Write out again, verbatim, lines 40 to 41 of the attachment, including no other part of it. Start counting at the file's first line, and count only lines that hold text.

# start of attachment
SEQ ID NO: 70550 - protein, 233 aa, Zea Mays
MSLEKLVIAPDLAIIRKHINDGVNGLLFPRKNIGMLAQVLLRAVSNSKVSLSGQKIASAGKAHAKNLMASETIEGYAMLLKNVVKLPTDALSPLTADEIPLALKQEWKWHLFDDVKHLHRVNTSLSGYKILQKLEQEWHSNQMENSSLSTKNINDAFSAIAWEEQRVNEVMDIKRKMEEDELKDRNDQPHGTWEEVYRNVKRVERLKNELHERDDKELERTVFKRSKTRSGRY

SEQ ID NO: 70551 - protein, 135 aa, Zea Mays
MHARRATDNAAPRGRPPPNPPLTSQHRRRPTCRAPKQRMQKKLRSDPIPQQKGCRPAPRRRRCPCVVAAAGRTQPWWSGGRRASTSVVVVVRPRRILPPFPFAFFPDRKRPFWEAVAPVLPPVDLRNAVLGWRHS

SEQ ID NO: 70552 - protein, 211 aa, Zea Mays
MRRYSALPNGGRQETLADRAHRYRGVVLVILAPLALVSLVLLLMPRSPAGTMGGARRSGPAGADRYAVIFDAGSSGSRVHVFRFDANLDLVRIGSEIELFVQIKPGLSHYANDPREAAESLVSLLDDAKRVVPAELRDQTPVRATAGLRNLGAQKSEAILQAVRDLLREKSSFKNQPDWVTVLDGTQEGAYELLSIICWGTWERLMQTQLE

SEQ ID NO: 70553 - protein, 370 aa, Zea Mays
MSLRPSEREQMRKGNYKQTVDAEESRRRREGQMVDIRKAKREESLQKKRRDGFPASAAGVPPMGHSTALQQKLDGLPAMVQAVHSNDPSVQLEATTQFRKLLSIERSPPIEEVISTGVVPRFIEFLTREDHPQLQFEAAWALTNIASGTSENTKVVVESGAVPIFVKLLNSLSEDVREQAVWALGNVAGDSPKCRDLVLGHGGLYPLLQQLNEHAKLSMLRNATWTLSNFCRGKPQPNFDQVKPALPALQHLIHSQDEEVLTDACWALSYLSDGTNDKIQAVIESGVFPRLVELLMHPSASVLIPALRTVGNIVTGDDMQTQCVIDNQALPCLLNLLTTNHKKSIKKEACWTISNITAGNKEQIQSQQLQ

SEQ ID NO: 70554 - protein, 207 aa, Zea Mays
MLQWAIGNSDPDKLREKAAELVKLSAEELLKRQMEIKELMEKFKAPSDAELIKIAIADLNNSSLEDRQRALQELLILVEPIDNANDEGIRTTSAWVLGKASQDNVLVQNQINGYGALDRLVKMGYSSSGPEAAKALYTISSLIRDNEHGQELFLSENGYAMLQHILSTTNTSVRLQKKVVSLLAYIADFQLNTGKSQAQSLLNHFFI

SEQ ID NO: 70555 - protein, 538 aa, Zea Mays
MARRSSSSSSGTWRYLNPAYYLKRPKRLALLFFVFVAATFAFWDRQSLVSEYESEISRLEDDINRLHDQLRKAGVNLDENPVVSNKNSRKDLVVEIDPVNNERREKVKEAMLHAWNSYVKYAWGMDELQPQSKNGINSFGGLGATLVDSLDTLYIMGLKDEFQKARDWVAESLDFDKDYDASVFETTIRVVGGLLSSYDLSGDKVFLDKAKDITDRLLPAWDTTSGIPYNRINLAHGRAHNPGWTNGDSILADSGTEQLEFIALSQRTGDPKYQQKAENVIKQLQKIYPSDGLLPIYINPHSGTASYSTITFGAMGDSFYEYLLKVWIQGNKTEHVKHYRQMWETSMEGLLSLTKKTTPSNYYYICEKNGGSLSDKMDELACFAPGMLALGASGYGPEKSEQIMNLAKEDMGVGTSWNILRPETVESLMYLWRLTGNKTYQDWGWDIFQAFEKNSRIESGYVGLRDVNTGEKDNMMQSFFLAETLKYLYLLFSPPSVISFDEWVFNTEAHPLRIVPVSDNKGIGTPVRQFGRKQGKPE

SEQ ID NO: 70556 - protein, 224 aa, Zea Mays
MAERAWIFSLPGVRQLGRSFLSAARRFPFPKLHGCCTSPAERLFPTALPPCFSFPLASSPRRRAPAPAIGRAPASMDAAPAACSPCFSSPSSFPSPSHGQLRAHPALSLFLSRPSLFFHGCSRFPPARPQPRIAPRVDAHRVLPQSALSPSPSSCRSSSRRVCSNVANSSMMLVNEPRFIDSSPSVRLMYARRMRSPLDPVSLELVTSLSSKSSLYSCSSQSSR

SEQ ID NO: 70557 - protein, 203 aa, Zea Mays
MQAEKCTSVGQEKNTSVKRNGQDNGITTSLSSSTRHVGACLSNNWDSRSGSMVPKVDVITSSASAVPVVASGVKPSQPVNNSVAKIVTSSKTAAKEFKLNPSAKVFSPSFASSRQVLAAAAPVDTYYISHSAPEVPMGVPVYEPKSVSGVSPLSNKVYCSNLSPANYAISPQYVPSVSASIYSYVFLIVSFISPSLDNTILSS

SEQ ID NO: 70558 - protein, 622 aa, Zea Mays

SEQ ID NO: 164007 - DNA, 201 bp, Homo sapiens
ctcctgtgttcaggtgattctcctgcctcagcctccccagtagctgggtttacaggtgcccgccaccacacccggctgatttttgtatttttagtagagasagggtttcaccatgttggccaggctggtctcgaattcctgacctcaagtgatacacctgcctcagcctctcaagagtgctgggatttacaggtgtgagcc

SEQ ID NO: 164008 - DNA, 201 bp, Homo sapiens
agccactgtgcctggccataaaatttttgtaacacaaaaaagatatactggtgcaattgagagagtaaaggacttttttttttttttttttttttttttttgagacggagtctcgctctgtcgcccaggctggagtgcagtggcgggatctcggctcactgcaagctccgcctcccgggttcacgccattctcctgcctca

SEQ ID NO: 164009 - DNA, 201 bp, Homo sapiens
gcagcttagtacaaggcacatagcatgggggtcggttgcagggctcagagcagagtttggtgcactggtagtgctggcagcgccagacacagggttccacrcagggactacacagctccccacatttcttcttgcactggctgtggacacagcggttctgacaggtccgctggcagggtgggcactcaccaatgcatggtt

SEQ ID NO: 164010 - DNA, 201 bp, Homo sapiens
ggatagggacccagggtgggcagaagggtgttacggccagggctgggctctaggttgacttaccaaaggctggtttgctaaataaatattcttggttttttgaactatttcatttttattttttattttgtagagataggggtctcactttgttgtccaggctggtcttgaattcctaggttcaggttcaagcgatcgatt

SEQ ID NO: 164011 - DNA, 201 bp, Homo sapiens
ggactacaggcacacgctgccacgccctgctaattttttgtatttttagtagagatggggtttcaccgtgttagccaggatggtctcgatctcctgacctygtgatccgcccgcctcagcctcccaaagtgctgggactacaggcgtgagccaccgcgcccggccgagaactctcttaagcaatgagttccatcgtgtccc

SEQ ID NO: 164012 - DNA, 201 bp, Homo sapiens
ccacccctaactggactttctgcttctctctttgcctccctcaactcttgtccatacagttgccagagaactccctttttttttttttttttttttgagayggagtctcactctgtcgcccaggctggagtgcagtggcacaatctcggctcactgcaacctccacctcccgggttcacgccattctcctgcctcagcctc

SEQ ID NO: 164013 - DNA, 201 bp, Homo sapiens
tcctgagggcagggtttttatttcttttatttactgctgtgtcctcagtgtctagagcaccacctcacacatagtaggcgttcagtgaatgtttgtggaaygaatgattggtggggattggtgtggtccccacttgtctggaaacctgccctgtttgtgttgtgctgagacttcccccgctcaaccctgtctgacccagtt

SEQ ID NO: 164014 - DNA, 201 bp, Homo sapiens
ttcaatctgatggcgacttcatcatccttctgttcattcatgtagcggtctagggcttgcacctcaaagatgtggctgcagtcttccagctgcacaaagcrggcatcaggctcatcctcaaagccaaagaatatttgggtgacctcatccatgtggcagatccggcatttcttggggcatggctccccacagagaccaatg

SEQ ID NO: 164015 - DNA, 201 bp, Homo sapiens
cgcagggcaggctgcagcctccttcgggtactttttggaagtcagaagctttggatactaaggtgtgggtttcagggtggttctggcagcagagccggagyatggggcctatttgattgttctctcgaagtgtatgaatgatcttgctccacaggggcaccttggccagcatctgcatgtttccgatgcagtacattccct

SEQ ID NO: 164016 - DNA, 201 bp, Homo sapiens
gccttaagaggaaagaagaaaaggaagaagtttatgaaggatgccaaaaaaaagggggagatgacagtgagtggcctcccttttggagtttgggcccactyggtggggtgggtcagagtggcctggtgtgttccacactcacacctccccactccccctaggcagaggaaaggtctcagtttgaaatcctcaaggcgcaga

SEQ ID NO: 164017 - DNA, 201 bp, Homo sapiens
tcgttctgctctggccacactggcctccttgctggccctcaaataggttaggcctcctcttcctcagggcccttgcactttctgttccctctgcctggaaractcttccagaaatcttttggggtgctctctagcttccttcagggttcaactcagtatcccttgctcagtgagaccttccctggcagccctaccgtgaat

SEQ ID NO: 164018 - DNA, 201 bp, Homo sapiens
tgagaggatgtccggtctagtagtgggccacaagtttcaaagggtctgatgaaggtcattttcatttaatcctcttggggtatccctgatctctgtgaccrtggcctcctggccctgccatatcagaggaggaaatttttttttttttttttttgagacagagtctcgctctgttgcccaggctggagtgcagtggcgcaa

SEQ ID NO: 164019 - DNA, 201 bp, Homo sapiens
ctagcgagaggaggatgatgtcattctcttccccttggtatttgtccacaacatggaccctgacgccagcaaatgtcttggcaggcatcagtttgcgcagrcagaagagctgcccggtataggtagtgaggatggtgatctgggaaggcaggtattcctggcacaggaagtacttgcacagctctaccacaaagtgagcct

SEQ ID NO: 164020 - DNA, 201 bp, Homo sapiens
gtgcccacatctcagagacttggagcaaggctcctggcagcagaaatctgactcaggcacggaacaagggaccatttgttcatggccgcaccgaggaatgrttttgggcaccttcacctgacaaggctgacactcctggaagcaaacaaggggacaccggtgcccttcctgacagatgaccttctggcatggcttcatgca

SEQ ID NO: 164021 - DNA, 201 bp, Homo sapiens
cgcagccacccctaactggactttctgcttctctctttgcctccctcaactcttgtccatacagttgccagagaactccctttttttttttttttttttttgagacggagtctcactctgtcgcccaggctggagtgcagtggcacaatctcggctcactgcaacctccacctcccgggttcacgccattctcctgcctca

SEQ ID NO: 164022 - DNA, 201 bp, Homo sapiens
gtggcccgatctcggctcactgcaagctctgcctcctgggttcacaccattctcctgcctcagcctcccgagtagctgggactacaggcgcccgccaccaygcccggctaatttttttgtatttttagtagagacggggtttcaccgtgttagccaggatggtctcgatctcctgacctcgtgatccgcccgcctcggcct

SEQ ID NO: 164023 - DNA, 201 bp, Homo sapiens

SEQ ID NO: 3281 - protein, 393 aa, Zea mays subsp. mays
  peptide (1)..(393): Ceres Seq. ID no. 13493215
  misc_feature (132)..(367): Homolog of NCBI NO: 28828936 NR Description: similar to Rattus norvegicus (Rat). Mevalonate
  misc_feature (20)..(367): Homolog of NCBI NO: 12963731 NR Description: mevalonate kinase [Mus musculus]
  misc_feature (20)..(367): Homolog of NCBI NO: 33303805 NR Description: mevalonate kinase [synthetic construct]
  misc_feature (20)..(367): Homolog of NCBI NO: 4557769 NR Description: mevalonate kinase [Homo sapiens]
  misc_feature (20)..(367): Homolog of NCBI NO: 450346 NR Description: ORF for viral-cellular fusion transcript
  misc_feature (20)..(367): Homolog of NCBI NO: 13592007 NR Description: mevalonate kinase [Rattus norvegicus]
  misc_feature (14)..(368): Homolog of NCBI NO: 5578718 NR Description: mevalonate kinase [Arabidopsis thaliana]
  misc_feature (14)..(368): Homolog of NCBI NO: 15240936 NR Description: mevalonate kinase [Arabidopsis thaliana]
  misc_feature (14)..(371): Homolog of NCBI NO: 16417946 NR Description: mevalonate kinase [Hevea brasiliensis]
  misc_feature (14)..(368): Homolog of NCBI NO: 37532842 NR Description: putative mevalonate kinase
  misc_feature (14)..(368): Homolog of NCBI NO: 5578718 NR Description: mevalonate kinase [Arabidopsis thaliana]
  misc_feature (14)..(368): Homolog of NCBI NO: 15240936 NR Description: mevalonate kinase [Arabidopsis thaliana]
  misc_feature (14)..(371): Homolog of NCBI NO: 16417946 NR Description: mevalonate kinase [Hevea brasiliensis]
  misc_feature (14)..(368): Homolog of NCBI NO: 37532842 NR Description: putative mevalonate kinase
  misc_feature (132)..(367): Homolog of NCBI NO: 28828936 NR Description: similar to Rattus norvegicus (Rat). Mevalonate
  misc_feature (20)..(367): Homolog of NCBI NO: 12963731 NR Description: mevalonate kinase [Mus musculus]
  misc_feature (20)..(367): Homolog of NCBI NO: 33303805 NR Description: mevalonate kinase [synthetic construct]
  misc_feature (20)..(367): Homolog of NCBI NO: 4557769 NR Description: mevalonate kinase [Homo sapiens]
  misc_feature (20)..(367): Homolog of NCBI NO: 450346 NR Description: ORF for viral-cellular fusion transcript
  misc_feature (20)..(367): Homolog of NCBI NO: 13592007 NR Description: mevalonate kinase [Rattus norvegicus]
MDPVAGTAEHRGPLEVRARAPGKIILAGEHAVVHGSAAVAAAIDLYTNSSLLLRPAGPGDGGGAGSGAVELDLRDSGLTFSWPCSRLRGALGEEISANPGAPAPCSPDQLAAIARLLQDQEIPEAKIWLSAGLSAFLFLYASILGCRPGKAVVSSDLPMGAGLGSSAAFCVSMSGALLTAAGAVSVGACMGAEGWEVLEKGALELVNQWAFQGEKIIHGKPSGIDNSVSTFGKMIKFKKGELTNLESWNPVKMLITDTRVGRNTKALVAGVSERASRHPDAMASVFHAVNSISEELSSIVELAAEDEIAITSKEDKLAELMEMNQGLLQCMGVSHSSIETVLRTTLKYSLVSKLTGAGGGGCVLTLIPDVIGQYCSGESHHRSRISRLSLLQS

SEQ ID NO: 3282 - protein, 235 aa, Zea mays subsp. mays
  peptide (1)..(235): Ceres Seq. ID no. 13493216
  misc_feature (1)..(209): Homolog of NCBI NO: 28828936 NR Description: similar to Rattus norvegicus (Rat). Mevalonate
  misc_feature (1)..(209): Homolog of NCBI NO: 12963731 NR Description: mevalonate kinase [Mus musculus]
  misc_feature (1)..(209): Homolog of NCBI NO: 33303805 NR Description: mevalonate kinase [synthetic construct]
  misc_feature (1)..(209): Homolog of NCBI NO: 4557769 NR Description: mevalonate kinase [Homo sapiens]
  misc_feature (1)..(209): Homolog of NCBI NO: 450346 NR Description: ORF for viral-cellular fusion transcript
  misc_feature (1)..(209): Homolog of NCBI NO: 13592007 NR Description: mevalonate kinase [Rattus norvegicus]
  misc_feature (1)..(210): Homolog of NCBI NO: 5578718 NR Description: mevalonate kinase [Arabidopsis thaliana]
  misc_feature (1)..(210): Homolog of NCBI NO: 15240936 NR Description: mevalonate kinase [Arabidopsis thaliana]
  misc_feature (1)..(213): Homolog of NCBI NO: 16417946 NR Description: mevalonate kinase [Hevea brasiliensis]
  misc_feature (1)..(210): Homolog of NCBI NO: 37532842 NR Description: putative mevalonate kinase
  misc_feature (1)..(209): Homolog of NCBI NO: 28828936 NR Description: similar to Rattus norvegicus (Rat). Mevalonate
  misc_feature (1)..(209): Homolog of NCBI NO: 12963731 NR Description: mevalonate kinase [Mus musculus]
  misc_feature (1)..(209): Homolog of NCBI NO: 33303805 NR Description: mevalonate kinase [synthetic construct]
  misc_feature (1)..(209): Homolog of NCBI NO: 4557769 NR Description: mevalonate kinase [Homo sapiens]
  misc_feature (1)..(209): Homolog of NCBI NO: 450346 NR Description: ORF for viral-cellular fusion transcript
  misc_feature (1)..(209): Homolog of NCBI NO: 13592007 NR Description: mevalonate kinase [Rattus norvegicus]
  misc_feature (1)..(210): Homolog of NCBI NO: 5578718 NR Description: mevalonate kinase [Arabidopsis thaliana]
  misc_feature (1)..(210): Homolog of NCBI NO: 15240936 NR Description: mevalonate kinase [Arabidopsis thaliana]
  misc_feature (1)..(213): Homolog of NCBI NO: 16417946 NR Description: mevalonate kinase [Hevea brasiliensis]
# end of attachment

SEQ ID NO: 164018 - DNA, 201 bp, Homo sapiens
tgagaggatgtccggtctagtagtgggccacaagtttcaaagggtctgatgaaggtcattttcatttaatcctcttggggtatccctgatctctgtgaccrtggcctcctggccctgccatatcagaggaggaaatttttttttttttttttttgagacagagtctcgctctgttgcccaggctggagtgcagtggcgcaa